stoneman shooting

5 Things We’ve Done About Gun Control Since the Florida Shooting

Students protesting at Marjory Stoneman Douglas High School.

In the wake of the horrific shooting at Marjory Stoneman Douglas High School in Parkland, Florida — during which 17 people were killed with a legally-purchased semi-automatic AR-15 rifle — survivors and families of those who were killed have demanded stricter gun-control laws. Stoneman Douglas senior Emma González said during a rally, “We certainly do not understand why it should be harder to make plans with friends on weekends than to buy an automatic or semi-automatic weapon.”

Since then, a number of small changes have taken place across the U.S., from certain retailers altering their assault-rifle policies to lawmakers speaking out in favor of passing new gun-control legislation. Of course, there is still much work needed to be done to prevent such attacks from taking place (and, just this week, a teacher in Georgia was arrested for firing a gun at school). But here are some of the small steps toward gun-control that have been taken so far since the Stoneman Douglas shooting.

Two of the U.S.’s top firearm retailers changed their gun-buying policies.

On Wednesday, Walmart and Dick’s Sporting Goods — two of the largest gun retailers in the U.S. — announced they were changing their policies around the sale of firearms. The New York Times reports both companies said they would be raising their minimum gun-buying age to 21 (under federal law, you have to be 21 to buy a handgun, but you can buy semiautomatic rifles and other guns at 18). Dick’s also said it would be immediately ending its sales of all assault-style rifles and high-capacity magazines, while Walmart said it would not sell items that look like assault rifles (including toy and air guns). Walmart also noted in a statement that it stopped selling AR-15 style guns in 2015.

A number of major companies severed ties with the National Rifle Association.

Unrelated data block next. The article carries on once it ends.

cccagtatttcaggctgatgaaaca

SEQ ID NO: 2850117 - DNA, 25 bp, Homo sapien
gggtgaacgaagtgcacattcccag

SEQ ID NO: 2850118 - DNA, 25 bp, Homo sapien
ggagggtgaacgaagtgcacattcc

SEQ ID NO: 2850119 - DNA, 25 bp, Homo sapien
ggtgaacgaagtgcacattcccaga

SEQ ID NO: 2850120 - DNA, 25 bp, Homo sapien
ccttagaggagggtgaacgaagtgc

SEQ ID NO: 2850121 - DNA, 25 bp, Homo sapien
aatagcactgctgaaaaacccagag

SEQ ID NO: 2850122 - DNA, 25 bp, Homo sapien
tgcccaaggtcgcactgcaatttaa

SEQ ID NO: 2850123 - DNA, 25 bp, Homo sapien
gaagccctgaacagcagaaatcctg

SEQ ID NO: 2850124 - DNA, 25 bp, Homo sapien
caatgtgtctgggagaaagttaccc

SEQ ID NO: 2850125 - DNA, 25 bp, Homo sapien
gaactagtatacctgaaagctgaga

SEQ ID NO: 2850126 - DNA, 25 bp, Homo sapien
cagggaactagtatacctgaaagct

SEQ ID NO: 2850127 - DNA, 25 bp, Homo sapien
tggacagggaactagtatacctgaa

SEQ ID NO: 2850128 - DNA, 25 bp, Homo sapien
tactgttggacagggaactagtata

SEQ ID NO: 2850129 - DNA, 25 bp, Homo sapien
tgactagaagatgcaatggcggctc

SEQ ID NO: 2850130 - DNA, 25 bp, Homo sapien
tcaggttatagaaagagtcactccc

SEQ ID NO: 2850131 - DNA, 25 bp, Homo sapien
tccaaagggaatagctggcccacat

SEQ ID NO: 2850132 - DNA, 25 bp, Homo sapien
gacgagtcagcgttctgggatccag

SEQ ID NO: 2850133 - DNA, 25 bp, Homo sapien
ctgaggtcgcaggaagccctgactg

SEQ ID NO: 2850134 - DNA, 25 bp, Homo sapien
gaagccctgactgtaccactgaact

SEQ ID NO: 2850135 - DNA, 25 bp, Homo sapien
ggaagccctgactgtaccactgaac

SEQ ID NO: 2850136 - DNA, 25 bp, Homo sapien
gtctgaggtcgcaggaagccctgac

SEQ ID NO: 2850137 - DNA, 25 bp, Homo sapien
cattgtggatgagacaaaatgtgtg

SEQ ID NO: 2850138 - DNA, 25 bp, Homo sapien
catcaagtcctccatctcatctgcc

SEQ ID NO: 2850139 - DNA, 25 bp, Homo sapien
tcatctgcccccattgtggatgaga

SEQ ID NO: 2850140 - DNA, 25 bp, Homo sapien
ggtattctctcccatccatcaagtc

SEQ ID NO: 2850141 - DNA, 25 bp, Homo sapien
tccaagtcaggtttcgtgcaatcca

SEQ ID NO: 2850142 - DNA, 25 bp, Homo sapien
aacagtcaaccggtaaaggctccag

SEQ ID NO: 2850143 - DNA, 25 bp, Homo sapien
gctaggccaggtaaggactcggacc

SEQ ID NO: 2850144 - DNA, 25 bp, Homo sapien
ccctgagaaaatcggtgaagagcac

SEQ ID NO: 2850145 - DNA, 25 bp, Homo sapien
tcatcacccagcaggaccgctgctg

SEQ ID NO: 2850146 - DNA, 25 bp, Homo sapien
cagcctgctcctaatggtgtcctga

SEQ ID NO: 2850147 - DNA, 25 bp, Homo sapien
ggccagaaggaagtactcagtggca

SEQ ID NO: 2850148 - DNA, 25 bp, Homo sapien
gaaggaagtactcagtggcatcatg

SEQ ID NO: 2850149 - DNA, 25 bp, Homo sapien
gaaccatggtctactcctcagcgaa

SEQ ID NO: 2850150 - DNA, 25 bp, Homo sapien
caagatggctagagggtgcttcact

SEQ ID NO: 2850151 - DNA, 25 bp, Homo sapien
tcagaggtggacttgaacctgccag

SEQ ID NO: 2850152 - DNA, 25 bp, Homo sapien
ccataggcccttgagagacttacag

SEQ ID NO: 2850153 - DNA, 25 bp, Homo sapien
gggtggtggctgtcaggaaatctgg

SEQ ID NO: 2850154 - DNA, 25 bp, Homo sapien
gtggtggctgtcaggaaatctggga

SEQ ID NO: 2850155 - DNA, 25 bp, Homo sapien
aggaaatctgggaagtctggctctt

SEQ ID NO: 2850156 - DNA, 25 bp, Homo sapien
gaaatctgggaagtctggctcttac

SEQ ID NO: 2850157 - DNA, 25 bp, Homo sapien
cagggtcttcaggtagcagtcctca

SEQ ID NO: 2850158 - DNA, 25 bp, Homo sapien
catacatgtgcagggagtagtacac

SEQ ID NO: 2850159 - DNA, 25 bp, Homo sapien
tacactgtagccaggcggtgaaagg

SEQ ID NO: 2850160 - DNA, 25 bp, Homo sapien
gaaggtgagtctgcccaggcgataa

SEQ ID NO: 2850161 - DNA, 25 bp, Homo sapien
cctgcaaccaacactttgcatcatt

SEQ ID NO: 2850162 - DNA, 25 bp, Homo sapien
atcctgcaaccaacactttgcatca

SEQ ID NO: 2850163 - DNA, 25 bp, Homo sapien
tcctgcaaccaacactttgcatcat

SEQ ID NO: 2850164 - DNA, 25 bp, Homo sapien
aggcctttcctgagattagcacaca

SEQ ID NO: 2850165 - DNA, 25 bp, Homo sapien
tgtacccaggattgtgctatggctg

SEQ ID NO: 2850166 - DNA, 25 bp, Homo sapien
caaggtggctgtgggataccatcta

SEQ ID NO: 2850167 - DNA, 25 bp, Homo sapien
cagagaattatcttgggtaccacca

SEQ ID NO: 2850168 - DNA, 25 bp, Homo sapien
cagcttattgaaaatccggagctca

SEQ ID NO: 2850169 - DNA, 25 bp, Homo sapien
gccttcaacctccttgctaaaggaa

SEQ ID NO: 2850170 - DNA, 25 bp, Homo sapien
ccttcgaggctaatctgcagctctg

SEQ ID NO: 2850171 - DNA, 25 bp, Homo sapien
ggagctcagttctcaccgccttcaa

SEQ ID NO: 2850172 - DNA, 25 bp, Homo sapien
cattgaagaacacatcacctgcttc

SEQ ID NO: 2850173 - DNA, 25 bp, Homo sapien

Over the past two weeks, a number of companies have severed ties with the NRA after pressure from social-media users to boycott brands that offer discounts and deals for NRA members reached a fever pitch. So far, rental car brands Enterprise, Alamo, National, Avis, Budget, and Hertz announced that they will be ending their NRA membership discounts. Delta and United Airlines also announced they would be ending their discounted rates, as has insurer MetLife, the First National Bank of Omaha, Allied and North American Van Lines, and a bunch of other major companies.

President Donald Trump said he would ban bump stocks through an executive order.

On Wednesday, President Donald Trump said the White House was drafting an executive order to ban bump stocks (a device that helps semi-automatic rifles shoot faster). Also on Wednesday, the president appeared to support suggestions about gun-control during a meeting with lawmakers from both parties, including strengthening background checks, raising the minimum gun-buying age to 21, and taking guns away from those deemed a threat before getting a court order. Trump also mocked Republican senator Pat Toomey for being “afraid of the NRA,” before the president said that he is a “fan of the NRA. There’s no bigger fan.” But it’s worth noting that Trump has a tendency to shift positions on issues he isn’t passionate about (just like he did with DACA), so there’s no guarantee that any of this will actually lead to substantial changes.

Some state lawmakers are proposing stricter gun-control legislation.

Since the Stoneman Douglas shooting, lawmakers in certain states have proposed legislation to tighten gun-control laws within their borders. For instance, in Rhode Island, Governor Gina Raimondo signed an executive order for a statewide “red flag” policy, with the aim of keeping guns away from those “who pose a danger to themselves,” according to USA Today. Likewise, Vermont’s Senate pushed forward a bill to take guns away from those deemed an “extreme risk” by the court (and Republican governor Phil Scott issued a five-page memo calling for stricter gun legislation). Florida’s Republican governor Rick Scott has also proposed raising the minimum age to buy semi-automatic rifles.

Gun-control groups have seen a surge of donations and volunteers.

Advocacy groups fighting to strengthen U.S. gun-control laws have seen an increase in donations and volunteers across the country since the horrific Florida school shooting. In the first 24 hours since the massacre, the nonprofit Everytown for Gun Safety received $750,000 in online donations and had 75,000 people reach out about volunteering the following week.

We will continually update this post as more actions are taken.

5 Gun-Control Steps Taken Since Florida School Shooting